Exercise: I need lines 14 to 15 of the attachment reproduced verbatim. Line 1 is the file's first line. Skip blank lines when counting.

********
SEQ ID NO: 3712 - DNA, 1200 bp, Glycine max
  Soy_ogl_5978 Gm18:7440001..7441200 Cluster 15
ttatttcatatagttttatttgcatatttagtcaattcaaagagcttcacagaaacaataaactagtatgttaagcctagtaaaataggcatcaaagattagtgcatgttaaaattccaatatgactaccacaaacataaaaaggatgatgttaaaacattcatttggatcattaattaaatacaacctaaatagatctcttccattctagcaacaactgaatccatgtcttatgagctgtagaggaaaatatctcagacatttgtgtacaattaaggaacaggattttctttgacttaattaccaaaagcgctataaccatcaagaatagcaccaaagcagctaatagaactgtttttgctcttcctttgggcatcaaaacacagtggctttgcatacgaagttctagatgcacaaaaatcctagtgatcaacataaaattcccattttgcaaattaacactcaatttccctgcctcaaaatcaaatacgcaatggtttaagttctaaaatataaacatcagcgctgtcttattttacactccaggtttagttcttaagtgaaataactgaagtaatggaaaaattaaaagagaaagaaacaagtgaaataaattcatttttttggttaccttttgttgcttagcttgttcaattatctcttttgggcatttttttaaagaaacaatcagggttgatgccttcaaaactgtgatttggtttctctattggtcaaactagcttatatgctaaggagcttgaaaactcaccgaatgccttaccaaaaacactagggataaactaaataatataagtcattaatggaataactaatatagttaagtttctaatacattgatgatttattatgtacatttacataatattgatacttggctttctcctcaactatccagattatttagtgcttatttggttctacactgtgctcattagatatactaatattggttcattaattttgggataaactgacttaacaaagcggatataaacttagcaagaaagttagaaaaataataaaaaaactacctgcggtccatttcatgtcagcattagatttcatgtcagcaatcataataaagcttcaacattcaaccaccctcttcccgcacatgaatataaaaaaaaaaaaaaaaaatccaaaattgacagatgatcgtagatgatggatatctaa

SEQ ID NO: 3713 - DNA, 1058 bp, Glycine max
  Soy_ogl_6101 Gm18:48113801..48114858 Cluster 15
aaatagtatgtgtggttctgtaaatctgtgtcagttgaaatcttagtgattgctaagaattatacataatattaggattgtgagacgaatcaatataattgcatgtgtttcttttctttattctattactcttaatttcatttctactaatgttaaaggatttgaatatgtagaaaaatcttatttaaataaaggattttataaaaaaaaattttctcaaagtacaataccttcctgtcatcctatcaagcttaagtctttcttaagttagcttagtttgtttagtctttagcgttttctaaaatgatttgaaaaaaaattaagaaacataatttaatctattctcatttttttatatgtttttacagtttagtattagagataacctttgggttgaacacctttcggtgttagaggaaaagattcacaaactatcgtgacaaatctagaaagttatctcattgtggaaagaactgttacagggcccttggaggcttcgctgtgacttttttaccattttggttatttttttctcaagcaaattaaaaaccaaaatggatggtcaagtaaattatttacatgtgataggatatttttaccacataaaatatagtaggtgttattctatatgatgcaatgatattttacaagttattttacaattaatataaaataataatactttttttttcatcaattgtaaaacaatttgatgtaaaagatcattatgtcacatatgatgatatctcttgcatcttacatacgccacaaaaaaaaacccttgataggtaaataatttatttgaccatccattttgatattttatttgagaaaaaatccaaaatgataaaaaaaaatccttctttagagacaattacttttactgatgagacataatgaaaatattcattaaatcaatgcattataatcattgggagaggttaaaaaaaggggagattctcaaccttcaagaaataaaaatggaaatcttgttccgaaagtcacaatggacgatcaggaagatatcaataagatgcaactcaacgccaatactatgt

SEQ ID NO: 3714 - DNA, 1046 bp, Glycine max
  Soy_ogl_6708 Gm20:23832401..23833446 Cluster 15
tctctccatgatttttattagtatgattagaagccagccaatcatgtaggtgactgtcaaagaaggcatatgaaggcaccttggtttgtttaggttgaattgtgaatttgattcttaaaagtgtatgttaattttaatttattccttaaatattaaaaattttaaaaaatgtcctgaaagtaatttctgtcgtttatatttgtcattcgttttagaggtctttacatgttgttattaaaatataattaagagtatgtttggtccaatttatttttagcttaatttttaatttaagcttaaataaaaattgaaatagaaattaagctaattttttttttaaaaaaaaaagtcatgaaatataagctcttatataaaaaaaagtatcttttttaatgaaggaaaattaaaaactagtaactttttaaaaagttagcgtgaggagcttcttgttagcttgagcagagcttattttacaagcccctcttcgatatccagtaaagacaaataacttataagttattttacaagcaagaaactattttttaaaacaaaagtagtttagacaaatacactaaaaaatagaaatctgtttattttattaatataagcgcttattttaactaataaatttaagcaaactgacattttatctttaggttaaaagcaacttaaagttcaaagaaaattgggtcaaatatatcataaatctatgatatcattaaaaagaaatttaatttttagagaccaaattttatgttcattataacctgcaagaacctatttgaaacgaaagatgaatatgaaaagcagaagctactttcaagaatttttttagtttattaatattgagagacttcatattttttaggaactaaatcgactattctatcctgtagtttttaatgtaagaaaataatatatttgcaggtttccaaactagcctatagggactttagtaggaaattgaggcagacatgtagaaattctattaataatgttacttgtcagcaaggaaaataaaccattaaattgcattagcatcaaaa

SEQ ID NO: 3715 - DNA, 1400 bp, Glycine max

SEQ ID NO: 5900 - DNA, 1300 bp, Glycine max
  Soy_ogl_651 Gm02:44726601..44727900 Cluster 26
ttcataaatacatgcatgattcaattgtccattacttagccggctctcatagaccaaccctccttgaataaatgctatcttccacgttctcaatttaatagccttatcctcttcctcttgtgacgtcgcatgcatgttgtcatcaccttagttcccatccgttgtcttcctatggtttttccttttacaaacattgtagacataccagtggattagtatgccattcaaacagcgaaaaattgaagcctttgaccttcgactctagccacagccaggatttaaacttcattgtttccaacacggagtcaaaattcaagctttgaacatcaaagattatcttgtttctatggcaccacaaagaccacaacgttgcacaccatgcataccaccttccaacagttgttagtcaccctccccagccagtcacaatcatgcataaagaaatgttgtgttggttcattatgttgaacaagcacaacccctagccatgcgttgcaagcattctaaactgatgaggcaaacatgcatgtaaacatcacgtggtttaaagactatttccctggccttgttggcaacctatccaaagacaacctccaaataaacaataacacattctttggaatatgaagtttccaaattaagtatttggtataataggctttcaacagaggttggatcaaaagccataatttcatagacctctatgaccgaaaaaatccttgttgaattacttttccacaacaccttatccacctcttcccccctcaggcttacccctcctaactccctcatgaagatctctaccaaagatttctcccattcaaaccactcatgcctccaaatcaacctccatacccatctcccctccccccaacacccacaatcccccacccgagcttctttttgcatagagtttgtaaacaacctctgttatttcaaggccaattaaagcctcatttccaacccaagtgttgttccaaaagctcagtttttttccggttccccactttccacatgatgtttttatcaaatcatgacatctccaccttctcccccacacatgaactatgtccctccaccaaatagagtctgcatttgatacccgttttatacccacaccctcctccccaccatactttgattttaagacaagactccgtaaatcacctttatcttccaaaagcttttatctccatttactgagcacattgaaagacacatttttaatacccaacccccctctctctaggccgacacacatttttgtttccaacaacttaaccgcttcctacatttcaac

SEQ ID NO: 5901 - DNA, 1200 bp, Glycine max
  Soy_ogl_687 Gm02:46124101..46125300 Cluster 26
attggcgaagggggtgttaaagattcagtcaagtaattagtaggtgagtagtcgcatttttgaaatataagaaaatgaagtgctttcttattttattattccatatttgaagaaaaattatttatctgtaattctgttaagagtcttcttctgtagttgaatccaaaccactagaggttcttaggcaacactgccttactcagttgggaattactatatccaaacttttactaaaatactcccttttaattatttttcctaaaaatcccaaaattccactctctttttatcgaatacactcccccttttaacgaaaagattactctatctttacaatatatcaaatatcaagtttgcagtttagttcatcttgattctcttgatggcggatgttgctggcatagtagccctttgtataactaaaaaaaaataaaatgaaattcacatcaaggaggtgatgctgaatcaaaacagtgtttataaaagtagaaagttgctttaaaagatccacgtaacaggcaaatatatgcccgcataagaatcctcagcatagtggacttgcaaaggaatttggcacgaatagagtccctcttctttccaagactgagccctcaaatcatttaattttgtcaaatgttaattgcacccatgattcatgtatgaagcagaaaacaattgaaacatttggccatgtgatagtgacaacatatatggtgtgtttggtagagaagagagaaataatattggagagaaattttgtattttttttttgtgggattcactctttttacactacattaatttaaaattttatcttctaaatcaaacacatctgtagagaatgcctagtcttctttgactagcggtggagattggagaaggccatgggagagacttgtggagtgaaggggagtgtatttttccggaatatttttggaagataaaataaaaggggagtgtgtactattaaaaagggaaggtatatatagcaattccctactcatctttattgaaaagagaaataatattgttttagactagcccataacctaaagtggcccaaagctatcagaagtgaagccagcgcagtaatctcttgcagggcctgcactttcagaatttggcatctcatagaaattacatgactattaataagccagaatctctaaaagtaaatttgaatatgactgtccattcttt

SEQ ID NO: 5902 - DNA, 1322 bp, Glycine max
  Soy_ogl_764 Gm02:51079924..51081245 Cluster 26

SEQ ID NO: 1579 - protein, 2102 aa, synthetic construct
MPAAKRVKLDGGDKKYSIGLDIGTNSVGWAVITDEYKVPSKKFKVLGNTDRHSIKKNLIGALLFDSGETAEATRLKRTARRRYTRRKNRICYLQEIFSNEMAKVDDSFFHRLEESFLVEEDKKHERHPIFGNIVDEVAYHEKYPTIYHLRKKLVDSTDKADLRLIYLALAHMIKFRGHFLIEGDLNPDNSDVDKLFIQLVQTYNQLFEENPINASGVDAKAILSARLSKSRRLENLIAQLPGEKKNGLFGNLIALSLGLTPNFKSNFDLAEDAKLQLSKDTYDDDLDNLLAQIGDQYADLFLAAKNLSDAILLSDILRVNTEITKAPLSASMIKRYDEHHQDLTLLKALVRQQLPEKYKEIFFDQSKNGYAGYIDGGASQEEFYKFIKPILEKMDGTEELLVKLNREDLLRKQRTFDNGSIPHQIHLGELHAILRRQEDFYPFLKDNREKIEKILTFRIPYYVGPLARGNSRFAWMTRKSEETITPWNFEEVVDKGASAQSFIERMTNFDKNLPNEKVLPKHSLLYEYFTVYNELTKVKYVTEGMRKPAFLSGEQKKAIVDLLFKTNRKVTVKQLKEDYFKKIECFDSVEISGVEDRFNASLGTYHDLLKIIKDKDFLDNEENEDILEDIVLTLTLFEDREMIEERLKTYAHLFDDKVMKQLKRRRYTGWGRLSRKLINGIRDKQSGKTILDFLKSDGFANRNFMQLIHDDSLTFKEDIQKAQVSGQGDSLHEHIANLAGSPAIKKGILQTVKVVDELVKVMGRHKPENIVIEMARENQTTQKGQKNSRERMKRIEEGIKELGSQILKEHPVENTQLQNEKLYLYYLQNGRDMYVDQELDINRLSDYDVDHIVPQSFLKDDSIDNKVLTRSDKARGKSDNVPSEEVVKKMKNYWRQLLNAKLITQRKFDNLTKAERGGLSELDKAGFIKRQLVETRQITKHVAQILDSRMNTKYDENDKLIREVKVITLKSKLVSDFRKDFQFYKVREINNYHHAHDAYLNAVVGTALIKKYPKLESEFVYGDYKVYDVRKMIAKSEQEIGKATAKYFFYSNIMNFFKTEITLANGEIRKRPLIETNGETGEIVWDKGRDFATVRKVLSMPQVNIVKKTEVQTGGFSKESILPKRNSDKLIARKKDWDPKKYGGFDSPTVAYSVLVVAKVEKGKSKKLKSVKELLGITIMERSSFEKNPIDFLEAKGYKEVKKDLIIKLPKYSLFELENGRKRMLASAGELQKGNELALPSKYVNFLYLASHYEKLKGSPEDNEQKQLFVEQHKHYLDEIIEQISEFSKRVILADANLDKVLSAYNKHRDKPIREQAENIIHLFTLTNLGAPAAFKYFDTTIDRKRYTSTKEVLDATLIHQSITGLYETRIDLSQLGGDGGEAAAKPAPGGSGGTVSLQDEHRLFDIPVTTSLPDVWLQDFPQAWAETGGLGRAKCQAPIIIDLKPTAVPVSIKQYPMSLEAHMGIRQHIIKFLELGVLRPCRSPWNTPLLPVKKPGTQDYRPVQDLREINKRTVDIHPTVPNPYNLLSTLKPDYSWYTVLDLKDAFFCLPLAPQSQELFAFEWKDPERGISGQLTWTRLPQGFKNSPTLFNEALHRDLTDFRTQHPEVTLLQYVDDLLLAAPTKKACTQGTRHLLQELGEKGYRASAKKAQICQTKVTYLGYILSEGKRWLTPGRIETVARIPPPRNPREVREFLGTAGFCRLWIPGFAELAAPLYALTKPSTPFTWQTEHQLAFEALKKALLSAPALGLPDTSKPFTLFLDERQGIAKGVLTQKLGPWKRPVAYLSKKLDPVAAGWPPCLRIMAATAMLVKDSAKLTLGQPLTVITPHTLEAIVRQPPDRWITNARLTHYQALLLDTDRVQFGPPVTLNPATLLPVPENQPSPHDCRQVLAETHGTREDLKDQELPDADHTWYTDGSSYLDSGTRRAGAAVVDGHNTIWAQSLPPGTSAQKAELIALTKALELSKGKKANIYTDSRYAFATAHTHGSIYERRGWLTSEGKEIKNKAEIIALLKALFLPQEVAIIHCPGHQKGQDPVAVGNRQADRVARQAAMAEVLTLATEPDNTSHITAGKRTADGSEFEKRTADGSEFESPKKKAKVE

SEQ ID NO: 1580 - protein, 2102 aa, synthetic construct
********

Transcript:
SEQ ID NO: 5901 - DNA, 1200 bp, Glycine max
  Soy_ogl_687 Gm02:46124101..46125300 Cluster 26